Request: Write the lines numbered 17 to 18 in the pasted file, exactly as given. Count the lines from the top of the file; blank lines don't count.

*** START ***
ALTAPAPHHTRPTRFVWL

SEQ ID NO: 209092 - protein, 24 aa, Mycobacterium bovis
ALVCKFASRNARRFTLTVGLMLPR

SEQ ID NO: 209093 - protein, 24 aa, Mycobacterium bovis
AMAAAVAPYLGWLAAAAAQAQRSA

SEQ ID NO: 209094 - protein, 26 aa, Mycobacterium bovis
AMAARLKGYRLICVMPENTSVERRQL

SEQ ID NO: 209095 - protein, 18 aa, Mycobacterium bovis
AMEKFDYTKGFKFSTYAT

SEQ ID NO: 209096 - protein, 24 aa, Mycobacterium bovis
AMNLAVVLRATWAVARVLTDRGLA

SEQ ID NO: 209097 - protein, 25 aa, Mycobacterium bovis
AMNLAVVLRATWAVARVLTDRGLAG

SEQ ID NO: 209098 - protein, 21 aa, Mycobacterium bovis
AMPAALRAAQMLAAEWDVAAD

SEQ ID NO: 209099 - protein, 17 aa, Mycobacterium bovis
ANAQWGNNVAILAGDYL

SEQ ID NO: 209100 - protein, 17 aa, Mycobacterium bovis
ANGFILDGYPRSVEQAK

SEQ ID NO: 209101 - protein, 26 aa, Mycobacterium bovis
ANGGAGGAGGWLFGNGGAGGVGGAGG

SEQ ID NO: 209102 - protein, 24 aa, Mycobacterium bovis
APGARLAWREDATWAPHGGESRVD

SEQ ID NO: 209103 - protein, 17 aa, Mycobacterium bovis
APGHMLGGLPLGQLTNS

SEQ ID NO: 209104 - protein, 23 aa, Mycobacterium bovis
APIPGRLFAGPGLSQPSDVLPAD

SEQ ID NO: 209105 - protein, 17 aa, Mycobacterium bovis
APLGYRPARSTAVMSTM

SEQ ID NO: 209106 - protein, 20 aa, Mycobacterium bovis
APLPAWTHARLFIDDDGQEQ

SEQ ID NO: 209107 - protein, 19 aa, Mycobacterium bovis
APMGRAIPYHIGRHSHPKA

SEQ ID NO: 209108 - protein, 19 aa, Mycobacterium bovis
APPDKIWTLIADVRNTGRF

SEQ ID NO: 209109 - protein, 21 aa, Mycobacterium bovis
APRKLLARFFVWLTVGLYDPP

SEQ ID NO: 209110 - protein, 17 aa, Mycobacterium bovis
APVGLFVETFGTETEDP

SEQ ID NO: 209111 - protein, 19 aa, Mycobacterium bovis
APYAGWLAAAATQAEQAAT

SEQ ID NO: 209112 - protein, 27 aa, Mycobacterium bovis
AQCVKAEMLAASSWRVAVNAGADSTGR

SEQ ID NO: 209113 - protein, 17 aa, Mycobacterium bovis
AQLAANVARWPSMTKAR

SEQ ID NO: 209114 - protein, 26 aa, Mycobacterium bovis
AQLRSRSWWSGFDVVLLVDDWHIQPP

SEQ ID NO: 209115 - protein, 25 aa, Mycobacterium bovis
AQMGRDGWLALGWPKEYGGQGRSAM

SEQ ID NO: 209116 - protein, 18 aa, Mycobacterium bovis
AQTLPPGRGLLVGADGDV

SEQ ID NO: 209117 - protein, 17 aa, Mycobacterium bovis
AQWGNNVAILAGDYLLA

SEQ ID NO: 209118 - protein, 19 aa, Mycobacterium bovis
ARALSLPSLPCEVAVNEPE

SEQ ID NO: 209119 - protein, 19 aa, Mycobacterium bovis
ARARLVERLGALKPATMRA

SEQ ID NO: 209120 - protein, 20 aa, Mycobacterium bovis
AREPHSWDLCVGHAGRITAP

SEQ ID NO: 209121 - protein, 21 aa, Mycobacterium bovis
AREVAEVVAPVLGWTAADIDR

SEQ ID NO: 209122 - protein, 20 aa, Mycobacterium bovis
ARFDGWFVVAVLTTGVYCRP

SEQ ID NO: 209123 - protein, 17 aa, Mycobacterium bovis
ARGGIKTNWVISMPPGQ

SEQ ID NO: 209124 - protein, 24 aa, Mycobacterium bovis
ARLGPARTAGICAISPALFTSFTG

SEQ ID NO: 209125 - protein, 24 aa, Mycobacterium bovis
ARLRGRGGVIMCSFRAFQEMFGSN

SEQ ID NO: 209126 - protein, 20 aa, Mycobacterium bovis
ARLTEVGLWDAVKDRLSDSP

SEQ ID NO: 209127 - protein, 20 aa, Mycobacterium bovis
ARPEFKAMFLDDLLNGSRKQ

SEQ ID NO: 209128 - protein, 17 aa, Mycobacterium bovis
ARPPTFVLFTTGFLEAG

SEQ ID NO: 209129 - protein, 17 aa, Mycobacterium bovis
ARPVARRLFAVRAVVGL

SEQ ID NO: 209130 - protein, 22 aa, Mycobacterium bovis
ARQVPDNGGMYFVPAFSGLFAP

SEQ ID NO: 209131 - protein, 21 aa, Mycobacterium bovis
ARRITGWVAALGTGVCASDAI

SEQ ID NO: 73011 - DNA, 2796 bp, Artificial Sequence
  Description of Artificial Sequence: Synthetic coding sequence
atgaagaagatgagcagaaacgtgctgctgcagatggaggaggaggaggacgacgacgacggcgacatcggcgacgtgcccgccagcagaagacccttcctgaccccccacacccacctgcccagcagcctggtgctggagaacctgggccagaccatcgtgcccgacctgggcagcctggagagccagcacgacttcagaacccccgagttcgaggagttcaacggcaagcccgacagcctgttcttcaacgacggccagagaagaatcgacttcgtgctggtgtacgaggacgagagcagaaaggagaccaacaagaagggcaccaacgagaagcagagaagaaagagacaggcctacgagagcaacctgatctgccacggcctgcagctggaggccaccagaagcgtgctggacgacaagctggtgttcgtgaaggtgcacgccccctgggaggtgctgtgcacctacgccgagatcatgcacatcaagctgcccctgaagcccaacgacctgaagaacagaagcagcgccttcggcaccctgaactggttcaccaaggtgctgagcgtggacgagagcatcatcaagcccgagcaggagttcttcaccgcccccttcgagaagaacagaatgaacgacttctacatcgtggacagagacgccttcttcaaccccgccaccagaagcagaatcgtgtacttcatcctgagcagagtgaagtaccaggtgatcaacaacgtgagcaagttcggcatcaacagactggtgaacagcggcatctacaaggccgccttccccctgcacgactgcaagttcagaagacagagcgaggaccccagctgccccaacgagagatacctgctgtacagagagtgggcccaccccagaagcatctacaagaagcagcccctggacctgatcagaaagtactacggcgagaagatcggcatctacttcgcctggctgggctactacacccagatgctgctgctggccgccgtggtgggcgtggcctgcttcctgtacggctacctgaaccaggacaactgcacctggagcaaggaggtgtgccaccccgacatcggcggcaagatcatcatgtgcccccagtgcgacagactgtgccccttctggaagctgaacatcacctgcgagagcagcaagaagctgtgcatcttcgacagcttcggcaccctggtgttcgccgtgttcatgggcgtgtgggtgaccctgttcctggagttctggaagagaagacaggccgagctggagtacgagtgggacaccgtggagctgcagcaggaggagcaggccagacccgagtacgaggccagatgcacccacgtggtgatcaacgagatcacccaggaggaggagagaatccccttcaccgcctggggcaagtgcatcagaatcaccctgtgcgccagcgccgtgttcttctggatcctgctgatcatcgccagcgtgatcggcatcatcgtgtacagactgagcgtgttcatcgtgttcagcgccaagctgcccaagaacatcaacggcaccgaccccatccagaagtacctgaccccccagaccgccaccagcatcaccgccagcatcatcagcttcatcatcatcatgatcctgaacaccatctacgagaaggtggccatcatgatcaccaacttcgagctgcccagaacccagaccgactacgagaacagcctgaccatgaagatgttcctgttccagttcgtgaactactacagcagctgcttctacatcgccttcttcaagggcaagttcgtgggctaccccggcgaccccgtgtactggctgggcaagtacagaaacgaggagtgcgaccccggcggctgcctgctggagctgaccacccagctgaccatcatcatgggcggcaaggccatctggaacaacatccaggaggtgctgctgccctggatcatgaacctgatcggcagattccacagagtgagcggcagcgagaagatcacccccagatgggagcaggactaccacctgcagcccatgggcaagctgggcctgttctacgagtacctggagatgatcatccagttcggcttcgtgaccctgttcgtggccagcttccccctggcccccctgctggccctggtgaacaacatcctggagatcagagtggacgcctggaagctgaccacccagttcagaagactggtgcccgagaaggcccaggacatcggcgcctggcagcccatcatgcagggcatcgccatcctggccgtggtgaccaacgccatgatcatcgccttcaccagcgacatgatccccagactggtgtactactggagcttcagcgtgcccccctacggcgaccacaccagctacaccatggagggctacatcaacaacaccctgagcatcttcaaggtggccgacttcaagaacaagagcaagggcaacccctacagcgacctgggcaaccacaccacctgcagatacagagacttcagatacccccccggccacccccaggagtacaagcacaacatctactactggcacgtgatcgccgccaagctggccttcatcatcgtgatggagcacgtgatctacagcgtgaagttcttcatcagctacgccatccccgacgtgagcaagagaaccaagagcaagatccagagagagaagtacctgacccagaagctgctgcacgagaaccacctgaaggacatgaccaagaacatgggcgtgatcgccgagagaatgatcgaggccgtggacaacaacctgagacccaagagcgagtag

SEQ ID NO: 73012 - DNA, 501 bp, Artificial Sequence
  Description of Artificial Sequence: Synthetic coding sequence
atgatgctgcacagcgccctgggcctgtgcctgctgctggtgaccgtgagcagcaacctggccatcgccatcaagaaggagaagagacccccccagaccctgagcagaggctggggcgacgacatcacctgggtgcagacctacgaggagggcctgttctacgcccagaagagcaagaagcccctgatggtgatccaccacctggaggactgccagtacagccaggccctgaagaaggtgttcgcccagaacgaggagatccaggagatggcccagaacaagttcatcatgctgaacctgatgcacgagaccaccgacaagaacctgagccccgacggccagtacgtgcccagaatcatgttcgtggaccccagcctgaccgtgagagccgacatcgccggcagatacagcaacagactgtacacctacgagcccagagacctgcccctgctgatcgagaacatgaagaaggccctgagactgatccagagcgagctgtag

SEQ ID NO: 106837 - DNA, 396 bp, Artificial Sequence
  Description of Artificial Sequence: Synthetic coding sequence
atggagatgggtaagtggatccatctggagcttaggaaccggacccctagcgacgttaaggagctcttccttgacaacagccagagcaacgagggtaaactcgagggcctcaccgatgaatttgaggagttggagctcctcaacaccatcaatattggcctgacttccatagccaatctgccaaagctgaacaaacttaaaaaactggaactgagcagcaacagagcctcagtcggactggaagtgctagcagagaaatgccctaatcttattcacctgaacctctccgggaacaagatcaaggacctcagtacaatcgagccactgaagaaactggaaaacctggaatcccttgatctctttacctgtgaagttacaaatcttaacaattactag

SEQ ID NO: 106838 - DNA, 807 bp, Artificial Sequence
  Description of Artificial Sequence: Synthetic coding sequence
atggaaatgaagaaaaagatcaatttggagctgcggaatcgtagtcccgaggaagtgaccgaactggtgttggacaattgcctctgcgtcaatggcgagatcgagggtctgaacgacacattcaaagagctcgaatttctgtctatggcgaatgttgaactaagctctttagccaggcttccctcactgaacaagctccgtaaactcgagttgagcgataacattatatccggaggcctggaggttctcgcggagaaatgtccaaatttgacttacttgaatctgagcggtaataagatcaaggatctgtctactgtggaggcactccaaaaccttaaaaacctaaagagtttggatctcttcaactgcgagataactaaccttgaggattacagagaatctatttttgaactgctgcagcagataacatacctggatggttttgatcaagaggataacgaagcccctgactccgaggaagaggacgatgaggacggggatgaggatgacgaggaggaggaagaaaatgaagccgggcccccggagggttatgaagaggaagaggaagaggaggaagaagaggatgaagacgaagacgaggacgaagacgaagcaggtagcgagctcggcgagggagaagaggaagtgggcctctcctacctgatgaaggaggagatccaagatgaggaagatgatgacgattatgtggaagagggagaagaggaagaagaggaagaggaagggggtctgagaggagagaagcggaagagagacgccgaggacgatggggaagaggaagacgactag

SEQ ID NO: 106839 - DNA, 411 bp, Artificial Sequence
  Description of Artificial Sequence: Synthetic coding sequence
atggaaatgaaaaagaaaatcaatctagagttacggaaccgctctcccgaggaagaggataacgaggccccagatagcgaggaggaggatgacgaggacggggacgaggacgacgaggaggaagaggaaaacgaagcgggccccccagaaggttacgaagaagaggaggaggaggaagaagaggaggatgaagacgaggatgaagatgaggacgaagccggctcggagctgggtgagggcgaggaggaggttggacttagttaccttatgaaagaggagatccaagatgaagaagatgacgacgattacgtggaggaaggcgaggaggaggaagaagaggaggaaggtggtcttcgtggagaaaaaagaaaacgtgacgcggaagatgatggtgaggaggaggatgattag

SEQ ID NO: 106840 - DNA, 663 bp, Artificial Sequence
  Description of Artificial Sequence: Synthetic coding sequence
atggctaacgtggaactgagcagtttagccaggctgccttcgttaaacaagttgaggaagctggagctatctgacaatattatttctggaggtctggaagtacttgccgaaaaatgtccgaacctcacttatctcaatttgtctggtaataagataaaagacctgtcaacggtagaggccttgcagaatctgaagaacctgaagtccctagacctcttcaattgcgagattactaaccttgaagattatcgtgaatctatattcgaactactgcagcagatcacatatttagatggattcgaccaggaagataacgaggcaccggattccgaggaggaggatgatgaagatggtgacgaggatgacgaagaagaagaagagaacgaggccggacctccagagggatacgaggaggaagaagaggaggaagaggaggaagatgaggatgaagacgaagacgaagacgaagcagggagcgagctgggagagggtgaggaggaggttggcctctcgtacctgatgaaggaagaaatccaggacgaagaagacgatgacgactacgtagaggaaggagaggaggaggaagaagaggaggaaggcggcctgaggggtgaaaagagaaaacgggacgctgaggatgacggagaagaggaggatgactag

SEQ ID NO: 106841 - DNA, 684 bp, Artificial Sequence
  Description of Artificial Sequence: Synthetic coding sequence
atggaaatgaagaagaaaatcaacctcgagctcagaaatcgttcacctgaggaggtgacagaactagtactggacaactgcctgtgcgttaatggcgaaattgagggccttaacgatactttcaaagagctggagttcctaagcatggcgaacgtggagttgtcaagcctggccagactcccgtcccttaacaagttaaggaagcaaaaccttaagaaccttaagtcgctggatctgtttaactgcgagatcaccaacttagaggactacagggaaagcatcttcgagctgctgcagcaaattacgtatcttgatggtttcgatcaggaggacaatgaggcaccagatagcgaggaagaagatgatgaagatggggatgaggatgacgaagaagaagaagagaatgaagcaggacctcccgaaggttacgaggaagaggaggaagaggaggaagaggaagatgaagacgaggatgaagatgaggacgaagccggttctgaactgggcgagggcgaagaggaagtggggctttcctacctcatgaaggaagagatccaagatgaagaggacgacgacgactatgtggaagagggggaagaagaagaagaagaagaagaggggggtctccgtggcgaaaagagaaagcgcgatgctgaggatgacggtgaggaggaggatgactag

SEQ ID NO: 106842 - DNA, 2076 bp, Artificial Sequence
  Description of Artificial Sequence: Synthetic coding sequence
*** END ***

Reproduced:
ANAQWGNNVAILAGDYL

SEQ ID NO: 209100 - protein, 17 aa, Mycobacterium bovis